438: Rachel Wall
Born: c.1760, The Colony of Pennsylvania (Present-day Carlisle, Pennsylvania, United States of America)
Died: 8 October 1789, Boston, Massachusetts, United States of America
Rachel left home at the age of sixteen and worked for a time as a domestic servant before her on-again-off-again boyfriend convinced her to become a pirate (possibly the first female pirate born in North America).
They robbed at least twelve ships and killed at least twenty-four sailors (supposedly, the majority of the facts of her life are disputed for multiple reasons. This account is the best summation of the surviving records).
Her now-husband possibly died when their ship was wrecked (in her later confession she stated she didn’t know where he was but evidence suggests he and his crew were lost at sea), and Rachel began stealing from ships docked in the harbor instead.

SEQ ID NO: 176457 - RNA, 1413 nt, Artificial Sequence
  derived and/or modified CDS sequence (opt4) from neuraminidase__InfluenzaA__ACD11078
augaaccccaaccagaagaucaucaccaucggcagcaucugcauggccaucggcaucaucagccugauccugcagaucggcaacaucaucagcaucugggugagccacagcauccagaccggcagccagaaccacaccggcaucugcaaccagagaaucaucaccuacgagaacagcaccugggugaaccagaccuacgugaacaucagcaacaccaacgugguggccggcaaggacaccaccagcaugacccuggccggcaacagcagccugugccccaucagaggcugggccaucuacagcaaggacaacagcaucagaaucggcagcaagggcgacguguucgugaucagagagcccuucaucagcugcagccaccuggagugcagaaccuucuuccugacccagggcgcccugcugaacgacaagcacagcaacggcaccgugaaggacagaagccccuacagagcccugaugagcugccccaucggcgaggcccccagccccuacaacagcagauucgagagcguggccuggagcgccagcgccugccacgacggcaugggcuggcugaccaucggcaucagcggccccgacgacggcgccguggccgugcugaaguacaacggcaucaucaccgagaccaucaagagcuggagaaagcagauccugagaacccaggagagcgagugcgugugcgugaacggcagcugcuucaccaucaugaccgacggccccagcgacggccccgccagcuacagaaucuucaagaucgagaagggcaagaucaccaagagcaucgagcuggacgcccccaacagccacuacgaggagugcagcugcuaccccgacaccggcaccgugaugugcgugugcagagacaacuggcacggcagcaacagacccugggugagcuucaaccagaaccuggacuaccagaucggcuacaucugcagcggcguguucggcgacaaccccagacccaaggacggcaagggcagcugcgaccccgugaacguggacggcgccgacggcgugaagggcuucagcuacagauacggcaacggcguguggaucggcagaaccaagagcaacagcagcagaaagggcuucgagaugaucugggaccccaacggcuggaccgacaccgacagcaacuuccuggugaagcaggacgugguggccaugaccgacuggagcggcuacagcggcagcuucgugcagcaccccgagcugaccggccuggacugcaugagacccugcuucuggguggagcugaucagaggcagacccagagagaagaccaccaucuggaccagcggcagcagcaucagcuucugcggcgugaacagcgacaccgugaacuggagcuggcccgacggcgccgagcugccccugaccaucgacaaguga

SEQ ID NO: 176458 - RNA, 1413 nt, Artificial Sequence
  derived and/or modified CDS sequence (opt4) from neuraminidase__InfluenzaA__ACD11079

Rachel was charged with petty theft several times; however, she was finally convicted of a charge she claimed to be innocent of—highway robbery—stealing a bonnet and shoes from a seventeen-year-old girl she found along the road. She admitted guilt on several counts of piracy but not of stealing from the girl.
Rachel was hanged in front of a crowd of thousands, the last woman to be publicly executed by hanging in the state of Massachusetts and among the last people in the state to be executed for robbery. Her death warrant was signed by the governor of Massachusetts at the time, John Hancock.
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